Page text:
Katherine (Catherine) Parr: Henry VIII’s Regent

In the summer of 1544, the future Queen Elizabeth I had one of the most important experiences of her life. While her father Henry VIII was on a military campaign in France, he left his wife Queen Katherine Parr in charge of England. Elizabeth watched as her stepmother successfully ruled England. Although Katherine did have male advisors, the queen made final decisions on any important matter.

As regent (meaning someone who took over the king’s duties), Katherine proved that Henry chose his temporary replacement well. Careful of her country’s interests abroad, she kept the king’s troops supplied with food and weapons. If England’s enemies thought they could take advantage of the king’s absence, they were wrong. Under her orders, men captured a ship from England’s rival Scotland and obtained letters that proved the Scots supported the French. In addition, Katherine squashed false rumors that the French were trying to invade England. During her regency, she kept Henry informed. She wrote of the false invasion rumor “We thought good to advertise you of the same, lest any other vain report passing over might have caused the king’s majesty to have conceived other opinion of the state of things here…all things here are in very quiet and good order.”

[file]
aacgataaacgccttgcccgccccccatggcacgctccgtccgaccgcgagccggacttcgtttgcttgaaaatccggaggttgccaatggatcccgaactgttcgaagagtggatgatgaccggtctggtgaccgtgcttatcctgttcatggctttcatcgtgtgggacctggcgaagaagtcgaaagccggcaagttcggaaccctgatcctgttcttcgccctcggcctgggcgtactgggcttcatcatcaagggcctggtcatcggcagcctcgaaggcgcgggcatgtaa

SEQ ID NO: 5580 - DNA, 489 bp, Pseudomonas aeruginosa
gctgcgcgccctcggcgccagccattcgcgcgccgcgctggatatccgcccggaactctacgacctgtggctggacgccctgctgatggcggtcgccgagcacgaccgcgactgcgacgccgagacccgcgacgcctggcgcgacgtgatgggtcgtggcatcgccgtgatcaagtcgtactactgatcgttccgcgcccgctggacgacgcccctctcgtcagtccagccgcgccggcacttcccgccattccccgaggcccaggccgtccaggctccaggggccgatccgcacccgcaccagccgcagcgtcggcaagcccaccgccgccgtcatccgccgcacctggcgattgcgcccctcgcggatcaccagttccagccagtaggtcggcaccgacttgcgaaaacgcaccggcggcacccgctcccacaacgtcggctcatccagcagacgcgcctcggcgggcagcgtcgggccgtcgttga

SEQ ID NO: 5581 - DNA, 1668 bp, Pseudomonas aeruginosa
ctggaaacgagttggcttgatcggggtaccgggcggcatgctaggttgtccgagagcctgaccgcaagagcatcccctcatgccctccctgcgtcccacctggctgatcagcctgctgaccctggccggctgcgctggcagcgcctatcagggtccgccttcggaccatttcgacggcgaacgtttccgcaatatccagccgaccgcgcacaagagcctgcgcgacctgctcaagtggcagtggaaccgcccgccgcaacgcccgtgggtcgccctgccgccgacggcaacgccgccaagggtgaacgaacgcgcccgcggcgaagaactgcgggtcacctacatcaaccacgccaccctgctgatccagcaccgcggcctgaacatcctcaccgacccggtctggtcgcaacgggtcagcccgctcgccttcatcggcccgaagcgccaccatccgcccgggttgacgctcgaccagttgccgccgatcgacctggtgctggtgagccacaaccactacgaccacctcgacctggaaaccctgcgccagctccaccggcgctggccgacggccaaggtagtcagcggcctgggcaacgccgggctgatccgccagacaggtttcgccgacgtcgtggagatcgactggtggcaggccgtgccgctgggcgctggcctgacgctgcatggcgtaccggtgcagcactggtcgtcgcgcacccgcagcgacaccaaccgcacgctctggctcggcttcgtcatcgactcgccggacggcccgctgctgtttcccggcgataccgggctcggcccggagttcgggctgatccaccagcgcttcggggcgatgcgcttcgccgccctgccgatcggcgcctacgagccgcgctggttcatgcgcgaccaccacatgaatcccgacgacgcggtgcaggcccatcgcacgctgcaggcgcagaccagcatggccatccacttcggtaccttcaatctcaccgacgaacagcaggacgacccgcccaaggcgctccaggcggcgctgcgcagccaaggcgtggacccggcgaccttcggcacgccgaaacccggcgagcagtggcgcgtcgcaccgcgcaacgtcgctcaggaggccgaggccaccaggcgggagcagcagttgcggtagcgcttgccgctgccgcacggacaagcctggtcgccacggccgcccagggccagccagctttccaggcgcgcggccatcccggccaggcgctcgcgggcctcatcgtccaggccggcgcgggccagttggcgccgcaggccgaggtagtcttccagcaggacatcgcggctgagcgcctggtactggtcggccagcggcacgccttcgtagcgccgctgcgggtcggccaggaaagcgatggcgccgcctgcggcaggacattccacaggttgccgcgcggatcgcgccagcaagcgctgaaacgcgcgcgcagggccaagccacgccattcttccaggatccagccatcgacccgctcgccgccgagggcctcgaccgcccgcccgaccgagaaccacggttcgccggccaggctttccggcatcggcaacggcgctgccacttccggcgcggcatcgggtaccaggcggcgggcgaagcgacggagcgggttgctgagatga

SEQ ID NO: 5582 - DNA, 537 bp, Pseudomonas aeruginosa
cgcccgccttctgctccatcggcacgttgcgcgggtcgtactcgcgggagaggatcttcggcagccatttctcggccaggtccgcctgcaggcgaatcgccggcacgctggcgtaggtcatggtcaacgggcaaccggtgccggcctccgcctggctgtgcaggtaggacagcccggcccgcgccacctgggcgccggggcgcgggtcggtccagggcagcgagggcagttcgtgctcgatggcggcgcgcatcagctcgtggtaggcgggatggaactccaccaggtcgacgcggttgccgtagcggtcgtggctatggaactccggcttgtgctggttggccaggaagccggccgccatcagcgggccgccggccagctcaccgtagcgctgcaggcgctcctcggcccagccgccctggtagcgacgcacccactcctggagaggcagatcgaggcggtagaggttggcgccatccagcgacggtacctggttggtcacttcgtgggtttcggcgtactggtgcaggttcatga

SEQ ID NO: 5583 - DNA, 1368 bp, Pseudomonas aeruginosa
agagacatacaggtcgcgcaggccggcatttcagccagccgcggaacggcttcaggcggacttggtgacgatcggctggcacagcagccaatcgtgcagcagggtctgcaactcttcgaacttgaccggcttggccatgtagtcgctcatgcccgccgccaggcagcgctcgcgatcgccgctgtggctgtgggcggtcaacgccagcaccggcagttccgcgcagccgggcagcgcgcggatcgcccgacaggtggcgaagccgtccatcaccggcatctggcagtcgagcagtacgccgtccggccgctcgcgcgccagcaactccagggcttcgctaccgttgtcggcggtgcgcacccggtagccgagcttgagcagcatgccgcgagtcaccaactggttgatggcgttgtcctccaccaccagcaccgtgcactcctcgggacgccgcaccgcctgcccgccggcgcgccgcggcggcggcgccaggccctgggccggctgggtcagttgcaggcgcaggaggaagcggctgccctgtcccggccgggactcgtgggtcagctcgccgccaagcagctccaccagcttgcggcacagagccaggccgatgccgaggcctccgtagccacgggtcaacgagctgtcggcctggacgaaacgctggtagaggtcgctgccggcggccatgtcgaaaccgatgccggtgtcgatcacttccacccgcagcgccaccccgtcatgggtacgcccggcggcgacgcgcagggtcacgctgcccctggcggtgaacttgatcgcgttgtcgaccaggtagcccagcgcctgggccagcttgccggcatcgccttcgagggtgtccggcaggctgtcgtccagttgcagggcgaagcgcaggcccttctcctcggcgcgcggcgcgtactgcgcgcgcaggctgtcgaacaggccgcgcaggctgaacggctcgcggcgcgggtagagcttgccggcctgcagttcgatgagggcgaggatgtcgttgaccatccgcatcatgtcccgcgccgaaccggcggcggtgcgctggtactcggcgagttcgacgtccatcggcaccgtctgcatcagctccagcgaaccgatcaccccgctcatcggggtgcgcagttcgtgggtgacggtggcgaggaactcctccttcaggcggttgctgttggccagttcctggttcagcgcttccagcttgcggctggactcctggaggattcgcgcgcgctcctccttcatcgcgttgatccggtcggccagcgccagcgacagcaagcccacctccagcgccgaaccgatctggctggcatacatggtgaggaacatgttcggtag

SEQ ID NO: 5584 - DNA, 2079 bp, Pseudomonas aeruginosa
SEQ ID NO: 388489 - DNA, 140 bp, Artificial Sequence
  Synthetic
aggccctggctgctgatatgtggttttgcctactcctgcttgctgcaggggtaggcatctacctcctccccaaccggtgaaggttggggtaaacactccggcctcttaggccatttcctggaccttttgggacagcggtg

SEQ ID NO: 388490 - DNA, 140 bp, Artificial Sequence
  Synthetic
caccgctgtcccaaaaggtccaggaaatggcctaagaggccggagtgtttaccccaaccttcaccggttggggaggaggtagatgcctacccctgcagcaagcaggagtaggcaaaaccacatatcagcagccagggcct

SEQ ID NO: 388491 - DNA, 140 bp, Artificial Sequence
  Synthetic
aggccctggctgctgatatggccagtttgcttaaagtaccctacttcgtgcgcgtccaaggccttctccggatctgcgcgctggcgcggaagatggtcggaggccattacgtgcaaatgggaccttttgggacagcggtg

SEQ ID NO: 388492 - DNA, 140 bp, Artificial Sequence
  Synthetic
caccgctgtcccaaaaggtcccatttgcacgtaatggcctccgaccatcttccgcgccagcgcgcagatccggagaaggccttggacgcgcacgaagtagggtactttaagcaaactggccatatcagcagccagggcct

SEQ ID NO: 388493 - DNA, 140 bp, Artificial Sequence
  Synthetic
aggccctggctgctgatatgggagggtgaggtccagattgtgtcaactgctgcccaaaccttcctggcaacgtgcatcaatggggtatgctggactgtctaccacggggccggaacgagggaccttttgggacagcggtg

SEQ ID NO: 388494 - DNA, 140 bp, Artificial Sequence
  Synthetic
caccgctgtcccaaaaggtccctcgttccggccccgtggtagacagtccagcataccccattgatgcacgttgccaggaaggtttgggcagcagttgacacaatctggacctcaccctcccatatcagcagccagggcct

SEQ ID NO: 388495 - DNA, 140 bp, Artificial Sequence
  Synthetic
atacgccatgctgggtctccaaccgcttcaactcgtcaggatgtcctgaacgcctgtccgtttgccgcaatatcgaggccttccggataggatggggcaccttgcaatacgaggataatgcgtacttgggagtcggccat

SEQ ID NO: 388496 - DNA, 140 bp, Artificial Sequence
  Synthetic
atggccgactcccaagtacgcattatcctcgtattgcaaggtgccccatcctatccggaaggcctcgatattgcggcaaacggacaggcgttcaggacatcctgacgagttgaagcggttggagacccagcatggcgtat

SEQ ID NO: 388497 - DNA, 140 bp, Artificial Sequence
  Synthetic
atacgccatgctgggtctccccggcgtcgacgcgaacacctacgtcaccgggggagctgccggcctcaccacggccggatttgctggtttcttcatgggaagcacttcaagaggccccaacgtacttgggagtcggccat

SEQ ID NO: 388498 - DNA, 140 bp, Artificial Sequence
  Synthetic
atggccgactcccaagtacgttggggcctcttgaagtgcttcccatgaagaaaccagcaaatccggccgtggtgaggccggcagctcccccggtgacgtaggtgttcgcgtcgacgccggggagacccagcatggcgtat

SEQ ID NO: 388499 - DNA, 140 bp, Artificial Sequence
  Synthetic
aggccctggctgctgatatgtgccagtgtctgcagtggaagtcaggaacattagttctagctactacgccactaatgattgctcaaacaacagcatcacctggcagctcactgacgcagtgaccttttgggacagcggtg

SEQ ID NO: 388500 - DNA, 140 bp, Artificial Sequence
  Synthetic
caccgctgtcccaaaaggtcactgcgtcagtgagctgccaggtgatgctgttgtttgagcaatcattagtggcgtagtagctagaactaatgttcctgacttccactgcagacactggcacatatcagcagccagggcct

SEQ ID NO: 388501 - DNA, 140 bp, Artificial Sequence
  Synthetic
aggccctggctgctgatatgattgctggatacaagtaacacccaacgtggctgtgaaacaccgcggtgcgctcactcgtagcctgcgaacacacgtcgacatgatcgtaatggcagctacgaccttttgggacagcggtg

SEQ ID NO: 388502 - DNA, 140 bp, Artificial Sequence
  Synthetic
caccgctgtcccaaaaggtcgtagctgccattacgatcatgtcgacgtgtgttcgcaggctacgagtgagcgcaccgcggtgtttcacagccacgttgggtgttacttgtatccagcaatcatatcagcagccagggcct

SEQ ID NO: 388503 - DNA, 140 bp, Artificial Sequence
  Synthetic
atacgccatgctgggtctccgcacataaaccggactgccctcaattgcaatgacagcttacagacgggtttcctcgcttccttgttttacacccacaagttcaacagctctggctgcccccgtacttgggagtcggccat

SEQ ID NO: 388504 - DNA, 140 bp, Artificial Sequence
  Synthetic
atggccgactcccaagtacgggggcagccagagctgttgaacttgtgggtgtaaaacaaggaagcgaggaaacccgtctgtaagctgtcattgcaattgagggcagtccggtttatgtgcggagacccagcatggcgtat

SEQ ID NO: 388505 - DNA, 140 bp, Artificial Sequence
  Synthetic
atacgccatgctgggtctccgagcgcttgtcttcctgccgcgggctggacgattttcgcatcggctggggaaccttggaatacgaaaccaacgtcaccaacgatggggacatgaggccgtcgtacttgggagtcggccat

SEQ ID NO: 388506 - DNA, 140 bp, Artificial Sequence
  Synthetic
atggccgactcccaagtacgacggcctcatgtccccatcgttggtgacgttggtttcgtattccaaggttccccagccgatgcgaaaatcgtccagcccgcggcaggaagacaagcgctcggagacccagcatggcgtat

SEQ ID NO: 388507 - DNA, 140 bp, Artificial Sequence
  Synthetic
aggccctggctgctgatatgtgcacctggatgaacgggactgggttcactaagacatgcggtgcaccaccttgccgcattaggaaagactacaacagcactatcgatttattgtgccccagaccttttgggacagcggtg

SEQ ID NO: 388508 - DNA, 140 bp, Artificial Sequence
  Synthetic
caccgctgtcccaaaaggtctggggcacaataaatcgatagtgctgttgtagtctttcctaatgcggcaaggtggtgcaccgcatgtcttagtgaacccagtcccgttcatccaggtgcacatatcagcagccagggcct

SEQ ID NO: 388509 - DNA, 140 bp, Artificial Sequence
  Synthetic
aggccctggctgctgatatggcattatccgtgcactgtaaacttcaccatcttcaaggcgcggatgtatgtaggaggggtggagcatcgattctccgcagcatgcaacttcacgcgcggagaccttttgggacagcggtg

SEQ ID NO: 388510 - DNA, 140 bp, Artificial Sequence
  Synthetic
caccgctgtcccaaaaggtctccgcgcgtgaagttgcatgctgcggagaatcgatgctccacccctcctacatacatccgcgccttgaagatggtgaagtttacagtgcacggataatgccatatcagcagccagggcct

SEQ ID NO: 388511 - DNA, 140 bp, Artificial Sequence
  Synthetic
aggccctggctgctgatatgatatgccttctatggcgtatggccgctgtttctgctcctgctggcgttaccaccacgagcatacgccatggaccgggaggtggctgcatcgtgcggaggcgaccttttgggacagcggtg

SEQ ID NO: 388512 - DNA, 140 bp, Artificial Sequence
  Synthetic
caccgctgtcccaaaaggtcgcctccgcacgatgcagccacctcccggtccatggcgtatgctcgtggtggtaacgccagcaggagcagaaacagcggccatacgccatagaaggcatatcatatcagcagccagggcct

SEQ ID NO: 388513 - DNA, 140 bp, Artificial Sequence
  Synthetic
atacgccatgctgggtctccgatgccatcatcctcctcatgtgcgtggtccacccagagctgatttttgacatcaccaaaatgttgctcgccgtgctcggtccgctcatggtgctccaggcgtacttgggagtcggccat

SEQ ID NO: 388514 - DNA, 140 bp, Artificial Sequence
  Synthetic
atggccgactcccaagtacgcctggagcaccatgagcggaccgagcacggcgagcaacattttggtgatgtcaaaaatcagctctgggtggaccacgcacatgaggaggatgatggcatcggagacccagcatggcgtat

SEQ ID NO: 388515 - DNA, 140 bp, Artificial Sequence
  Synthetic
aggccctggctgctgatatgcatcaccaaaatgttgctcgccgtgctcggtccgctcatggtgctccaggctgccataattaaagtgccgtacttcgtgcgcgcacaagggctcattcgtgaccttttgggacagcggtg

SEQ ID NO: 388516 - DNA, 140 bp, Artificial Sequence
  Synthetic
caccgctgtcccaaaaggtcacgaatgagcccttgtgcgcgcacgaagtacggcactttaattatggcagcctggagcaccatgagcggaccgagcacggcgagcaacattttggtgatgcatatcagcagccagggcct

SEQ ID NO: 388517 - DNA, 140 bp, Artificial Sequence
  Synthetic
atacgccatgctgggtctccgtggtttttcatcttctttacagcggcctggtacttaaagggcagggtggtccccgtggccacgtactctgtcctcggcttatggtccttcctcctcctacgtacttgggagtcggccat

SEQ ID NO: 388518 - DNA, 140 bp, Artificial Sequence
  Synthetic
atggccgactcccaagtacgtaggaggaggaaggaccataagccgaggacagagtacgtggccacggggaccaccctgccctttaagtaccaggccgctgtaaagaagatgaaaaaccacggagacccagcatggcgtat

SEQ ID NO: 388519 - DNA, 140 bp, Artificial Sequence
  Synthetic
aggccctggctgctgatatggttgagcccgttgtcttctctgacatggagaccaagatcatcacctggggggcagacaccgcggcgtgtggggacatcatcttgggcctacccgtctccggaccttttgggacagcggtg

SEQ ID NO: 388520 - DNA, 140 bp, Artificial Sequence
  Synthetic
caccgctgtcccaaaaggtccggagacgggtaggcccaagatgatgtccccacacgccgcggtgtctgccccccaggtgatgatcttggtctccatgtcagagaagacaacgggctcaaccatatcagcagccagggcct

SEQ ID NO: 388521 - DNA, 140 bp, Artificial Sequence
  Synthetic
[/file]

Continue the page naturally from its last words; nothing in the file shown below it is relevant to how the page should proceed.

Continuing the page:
In addition to sending information and supplies to the king, Katherine had to make decisions about domestic problems. She released Scottish prisoners when England’s jails became too crowded with the exception of those who might do harm. Even these prisoners, however, would have food paid for by the king. She also issued a proclamation for tolerance of French citizens in England who worried that the king’s war might put them in danger.

During her stay with her stepmother, Princess Elizabeth learned to combine the male qualities of a ruler with those of a woman. Katherine wrote Henry, “And even such confidence I have in your majesty’s gentleness, knowing myself to never have done my duty as were requisite and meet to such a noble prince, at whose hands I have received so much love and goodness that with words I cannot express it.” Katherine’s description of her faults to Henry despite the fact that England was doing fine without its king shows her intelligence as a wife and female ruler. Elizabeth would later encounter prejudice against female rulers and she would refer to herself as a “mere woman.” Through Katherine, however, she learned that mere women could handle the pressure of decision-making and could rule a country just as well or better than some men.